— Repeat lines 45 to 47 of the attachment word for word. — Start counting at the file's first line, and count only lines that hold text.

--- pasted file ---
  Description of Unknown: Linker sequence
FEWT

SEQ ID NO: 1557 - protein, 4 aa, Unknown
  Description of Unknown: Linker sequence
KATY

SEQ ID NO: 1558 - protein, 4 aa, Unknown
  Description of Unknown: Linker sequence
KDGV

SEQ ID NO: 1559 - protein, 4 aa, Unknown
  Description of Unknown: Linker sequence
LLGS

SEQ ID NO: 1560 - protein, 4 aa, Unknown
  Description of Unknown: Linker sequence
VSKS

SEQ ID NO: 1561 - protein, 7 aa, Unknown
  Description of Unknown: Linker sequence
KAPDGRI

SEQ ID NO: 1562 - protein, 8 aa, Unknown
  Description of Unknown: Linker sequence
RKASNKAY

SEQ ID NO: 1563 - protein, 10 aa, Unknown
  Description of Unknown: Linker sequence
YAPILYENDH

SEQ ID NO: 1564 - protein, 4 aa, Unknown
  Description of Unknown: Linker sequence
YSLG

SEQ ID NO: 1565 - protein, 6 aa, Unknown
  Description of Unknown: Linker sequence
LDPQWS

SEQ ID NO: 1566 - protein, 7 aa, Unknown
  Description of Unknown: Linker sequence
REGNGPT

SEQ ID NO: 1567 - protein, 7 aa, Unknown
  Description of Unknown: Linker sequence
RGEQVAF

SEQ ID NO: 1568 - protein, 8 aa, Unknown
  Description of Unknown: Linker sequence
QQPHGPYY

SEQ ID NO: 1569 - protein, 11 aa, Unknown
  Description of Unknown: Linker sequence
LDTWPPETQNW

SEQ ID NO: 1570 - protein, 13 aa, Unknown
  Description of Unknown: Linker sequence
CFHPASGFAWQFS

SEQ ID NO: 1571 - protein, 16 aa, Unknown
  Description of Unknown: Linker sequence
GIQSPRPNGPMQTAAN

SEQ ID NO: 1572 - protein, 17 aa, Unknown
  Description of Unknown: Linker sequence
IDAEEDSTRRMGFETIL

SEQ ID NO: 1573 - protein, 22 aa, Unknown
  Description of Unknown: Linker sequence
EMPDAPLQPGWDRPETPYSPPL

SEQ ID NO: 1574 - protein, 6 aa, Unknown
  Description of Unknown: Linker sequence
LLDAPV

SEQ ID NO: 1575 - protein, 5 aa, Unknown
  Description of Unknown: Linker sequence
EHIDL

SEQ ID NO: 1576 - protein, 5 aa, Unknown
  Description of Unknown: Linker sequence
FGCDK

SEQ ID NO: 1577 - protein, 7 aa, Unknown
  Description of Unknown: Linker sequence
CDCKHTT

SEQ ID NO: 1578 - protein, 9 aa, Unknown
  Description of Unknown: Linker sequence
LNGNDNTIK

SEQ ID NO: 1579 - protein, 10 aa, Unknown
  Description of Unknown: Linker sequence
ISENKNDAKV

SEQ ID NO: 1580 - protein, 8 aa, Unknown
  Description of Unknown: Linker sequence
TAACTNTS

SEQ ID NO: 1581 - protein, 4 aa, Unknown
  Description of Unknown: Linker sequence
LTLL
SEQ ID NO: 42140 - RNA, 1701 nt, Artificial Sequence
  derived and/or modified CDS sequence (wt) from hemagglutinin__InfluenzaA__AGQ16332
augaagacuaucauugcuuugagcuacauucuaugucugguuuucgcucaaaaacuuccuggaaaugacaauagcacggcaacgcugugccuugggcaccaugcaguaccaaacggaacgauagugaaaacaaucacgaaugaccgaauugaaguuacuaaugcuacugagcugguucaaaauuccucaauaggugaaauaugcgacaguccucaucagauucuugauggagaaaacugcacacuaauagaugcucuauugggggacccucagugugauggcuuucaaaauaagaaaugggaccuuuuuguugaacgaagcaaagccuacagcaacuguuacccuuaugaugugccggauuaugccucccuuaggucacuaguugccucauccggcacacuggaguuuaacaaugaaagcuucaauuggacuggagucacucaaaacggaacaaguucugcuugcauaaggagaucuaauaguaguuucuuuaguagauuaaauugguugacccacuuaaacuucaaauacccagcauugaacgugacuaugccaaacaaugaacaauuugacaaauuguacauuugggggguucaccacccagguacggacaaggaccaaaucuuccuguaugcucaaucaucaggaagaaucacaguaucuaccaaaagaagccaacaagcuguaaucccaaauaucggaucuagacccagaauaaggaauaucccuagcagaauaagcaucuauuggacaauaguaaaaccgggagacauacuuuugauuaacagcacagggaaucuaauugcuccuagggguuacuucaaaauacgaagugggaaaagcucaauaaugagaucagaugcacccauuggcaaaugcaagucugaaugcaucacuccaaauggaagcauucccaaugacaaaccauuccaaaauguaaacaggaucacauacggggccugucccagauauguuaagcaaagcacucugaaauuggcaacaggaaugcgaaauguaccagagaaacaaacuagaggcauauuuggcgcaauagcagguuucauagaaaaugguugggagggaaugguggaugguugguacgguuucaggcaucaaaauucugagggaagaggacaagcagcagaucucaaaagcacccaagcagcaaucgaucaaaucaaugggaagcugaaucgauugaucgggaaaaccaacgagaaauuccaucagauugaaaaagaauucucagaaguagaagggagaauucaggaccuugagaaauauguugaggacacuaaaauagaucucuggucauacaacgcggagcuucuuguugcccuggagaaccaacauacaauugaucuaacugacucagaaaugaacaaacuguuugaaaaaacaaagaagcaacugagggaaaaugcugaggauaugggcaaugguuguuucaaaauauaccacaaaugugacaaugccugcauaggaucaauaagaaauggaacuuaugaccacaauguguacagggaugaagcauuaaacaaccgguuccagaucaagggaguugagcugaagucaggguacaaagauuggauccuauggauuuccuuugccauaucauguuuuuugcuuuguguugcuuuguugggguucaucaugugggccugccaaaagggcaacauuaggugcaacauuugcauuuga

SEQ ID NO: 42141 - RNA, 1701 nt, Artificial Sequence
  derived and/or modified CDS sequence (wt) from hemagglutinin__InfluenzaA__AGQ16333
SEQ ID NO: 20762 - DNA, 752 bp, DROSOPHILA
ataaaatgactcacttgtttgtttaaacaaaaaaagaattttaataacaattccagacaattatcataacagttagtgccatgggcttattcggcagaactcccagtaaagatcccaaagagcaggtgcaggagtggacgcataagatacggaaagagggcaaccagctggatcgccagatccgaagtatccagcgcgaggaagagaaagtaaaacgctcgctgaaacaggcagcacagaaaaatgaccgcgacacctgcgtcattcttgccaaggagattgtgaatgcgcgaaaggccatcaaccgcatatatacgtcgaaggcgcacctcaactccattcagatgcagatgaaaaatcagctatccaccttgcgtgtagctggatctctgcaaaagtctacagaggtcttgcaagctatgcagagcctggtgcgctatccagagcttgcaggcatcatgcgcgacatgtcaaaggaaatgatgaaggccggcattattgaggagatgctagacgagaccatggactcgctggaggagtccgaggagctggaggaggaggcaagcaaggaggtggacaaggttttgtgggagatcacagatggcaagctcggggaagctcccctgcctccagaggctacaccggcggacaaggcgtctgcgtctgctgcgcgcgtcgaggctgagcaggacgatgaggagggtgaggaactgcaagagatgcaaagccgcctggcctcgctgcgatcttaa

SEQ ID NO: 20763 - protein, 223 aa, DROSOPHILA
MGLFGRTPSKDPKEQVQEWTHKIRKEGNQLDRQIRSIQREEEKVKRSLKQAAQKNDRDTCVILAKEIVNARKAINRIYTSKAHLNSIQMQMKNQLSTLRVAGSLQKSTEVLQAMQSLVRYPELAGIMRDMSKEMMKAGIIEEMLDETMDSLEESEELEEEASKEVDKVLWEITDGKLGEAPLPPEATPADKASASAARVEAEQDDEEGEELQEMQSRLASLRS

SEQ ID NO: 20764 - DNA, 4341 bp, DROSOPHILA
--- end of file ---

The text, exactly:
SEQ ID NO: 1571 - protein, 16 aa, Unknown
  Description of Unknown: Linker sequence
GIQSPRPNGPMQTAAN